It is bleak. No doubt about it, the current state of South Africans’ household finances is bleak.
And this is really not a good situation for aspiring homeowners.
The cost of living continues to climb and the past three years have seen finance costs soar, with the prime lending rate rising 4.75% since July 2020, states Leonard Kondowe, finance manager for Rawson Finance.
This has had a “significant impact” on consumer affordability and dramatically reduced the pool of qualified applicants on the home loan market. While banks are still eager to lend money to qualified buyers, they are not making the same offers they were a few months back.
“Lenders are hungry for qualified bond applicants at the moment. They are fighting for every client who meets their affordability criteria, which gives strong applicants a valuable bargaining chip during negotiations.”
Despite the hot competition, finance offers have “cooled to some degree”.
“We’re definitely not seeing big concessions like prime minus 1.5% on a regular basis as was the case before,” Kondowe says, adding that, currently, anything below prime “can be considered a good deal”.
Most offers are falling between prime and prime minus 0.45%.
Bonds of 100% to 105% are still available, but he notes that these inevitably come with less favourable interest rates. It is therefore recommended that prospective buyers save for a deposit, where possible, in order to secure the lowest possible interest rates and minimise their monthly repayments.
“We’re in a volatile economic situation right now. Interest rates could keep climbing for some time to come, which means it's important to think ahead in terms of affordability.”
Although banks do some of this work for buyers by taking interest rate fluctuations into account during their affordability assessments, Kondowe says it is not wise to rely on this alone.
Rather, buyers should ensure that their monthly repayments start off at a level where they can safely afford interest rate increases of at least another one or two percent. This can either be done by buying below their maximum qualified amount threshold, or by opting into a longer loan term of 30 years instead of the usual 20.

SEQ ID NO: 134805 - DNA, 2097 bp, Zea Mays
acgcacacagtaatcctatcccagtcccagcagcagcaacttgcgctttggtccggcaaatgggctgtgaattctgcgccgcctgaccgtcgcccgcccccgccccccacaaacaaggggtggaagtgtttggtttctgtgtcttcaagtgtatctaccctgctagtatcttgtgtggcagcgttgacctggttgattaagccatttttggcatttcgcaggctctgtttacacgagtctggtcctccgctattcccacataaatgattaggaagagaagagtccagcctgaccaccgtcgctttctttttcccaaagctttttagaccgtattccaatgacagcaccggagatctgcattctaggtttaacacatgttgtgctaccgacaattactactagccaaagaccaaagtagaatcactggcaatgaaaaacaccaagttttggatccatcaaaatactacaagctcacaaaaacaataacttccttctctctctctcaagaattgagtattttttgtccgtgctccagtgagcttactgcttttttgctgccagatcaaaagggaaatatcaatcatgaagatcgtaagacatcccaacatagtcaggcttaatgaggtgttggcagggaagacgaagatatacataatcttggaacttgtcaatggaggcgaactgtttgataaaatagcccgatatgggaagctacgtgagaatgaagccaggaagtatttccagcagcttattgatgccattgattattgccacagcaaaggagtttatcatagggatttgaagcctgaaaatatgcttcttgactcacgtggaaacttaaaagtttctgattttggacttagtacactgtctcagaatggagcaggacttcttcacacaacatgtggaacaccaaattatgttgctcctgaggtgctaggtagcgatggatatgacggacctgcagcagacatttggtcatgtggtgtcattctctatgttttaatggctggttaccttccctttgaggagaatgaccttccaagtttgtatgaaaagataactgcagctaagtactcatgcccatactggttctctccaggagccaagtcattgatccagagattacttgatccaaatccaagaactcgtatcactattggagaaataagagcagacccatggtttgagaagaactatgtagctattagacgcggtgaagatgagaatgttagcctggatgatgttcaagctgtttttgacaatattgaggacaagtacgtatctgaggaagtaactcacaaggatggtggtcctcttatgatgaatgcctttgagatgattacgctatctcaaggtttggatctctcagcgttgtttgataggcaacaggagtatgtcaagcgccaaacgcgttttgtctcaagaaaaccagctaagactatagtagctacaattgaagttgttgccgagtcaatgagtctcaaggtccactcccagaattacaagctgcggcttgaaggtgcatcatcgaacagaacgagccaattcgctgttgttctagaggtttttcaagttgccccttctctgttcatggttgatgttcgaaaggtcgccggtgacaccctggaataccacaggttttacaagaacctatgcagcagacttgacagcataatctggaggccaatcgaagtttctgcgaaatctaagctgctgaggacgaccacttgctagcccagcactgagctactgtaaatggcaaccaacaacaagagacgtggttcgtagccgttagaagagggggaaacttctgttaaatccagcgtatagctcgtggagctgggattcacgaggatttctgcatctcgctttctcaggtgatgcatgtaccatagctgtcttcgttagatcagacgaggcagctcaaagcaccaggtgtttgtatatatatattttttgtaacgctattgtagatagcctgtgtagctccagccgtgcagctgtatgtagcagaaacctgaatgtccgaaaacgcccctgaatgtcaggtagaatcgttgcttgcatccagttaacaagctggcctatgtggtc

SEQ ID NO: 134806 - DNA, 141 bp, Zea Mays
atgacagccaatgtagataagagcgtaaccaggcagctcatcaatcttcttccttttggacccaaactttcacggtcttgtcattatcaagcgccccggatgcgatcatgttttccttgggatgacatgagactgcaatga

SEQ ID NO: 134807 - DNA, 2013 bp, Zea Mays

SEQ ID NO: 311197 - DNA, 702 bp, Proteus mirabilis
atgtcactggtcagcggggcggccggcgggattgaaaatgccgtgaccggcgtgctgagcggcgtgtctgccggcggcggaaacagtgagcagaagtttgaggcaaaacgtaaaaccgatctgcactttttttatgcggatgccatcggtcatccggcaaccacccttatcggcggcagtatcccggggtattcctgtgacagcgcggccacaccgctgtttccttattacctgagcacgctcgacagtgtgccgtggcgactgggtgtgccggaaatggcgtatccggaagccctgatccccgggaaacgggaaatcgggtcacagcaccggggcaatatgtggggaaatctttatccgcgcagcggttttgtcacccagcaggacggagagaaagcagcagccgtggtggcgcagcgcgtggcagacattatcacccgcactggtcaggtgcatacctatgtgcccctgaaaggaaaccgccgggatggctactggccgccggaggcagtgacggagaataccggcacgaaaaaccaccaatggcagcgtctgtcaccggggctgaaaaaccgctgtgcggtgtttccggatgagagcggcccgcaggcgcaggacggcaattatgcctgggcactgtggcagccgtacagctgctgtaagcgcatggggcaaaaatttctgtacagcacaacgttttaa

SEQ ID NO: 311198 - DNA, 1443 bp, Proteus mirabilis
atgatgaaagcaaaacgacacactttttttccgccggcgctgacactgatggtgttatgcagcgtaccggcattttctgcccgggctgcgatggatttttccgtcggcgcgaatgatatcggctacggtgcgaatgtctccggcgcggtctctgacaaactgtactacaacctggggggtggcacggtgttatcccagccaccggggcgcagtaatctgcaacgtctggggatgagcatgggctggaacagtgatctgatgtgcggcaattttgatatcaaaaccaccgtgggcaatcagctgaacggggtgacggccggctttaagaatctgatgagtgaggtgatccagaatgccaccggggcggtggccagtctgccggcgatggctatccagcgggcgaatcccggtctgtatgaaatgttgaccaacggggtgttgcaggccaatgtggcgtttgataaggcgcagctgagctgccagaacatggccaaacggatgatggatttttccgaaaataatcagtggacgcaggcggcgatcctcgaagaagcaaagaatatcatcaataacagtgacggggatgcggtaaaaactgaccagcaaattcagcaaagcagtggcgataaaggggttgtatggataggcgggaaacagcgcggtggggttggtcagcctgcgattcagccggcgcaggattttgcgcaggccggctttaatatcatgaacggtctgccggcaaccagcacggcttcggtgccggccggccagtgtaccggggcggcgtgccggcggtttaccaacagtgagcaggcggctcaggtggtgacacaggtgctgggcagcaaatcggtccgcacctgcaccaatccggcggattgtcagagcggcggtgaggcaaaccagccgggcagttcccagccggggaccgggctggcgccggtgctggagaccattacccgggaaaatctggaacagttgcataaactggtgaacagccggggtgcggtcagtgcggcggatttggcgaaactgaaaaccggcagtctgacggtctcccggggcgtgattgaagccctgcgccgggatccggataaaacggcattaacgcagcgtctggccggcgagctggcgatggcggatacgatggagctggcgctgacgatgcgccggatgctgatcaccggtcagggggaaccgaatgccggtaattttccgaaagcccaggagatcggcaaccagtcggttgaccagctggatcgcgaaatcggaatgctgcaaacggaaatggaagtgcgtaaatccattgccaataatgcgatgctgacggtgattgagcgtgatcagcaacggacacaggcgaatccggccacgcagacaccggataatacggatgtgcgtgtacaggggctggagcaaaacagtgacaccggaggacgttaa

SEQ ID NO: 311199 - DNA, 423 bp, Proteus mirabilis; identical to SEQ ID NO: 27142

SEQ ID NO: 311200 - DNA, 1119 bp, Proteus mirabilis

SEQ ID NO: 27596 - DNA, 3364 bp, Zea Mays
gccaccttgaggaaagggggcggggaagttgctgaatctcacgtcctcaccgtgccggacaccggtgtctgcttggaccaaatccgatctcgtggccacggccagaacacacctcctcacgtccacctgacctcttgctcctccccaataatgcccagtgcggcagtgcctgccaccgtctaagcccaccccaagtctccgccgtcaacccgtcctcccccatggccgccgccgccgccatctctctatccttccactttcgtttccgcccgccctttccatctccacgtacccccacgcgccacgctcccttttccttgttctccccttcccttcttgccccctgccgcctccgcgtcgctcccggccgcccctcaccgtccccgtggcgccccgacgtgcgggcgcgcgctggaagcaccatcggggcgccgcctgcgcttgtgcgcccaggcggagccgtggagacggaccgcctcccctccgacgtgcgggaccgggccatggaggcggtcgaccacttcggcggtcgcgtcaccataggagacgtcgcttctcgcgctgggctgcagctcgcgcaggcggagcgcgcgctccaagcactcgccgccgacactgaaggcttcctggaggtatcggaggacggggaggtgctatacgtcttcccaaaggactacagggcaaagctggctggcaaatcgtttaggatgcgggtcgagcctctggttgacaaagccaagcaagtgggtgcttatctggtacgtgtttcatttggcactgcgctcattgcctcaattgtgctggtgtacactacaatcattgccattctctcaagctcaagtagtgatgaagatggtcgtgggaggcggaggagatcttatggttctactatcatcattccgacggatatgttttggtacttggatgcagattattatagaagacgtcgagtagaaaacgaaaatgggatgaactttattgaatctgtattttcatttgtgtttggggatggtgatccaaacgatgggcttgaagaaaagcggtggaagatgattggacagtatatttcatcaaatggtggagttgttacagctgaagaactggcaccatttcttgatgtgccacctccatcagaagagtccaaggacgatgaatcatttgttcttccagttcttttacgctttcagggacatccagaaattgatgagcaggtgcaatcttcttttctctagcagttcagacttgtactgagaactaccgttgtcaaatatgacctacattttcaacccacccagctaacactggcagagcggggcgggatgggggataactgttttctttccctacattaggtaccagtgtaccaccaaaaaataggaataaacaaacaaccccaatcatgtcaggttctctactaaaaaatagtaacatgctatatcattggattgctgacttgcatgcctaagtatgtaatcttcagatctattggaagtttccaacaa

But just remember, the longer your loan term, the more interest one will pay over its lifetime.
“So I wouldn’t choose that option unless you’re confident you can put more than your minimum repayment in from early on. Going through the pre-qualification process is a great opportunity to run the numbers for various scenarios with the help of your bond originator and find the best – and most future-proof – finance structure for your needs.”
Echoing Kondowe’s concerns, Rhys Dyer, chief executive of ooba Home Loans, says affordability in the local residential property market remains of crucial concern to homebuyers – and affordability, in this context, is determined by how comfortably a buyer can afford their monthly repayments relative to their gross monthly income.
That said, he notes that debt levels among ooba’s homebuyers have yet to reach unsustainable levels.
“Home loan instalments as a percentage of gross income increased to only 20.3% in Q1 '23, comfortably below the industry benchmark of 30% of gross income.”
Looking back, Dyer says, affordability levels deteriorated significantly during the first two quarters of 2020, coinciding with the onset of the Covid-19 pandemic and the initial hard lockdown measures implemented by the government. The hard lockdown resulted in the closure of various industries, including travel, transportation, hospitality, and events, which negatively impacted the income of many South Africans.
Using the graph below, he explains that affordability continued to deteriorate, reaching a peak in Q1'22 before beginning to gradually improve due to the growth in national average incomes and slow House Price Inflation (HPI).
“Our latest data illustrates that house prices rose by 17.4% between Q1 ‘19 and Q4 ‘22, while average earnings, as measured by Statistics SA, increased by 22.6% for the same period. This resulted in a net improvement in housing affordability, despite the ongoing market volatility over the four-year period," he adds.
Buyers have, therefore, been taking advantage of the low HPI.
Dyer says the combination of increased income levels and a relatively low growth rate in the price of properties purchased by applicants throughout the country has had a significant impact on the purchasing power of homebuyers, indicating that there is still scope for affordability at current level of interest rates. Sixty percent of ooba Home Loan’s customers granted bonds in the first quarter of 2023 were for homes priced above R1.5 million – compared to just 47% of customers in the first quarter of 2019.
“Whilst this statistic suggests that a significant number of buyers are opting for more expensive properties, we are also seeing a substantial growth in the size of average deposits buyers are putting down. This indicates that buyers are prioritising deposits to off-set the higher cost of financing in the current high-interest-rate cycle.
“While a higher interest rate environment is not without its challenges, the slower growth in property prices coupled with relatively strong consumer affordability and good availability of financing means that there are still plenty of good investment opportunities to be found in South Africa’s residential property market,” he says.
Lightstone’s latest Residential Property Index states that national HPI is 3.16% annually, which is the same as it was last month.
When comparing provinces, the data shows that this inflation remained steady in KwaZulu-Natal and the Western Cape, increased in Limpopo and Mpumalanga, and decreased in the Eastern Cape, Free State, Gauteng, North West and the Northern Cape.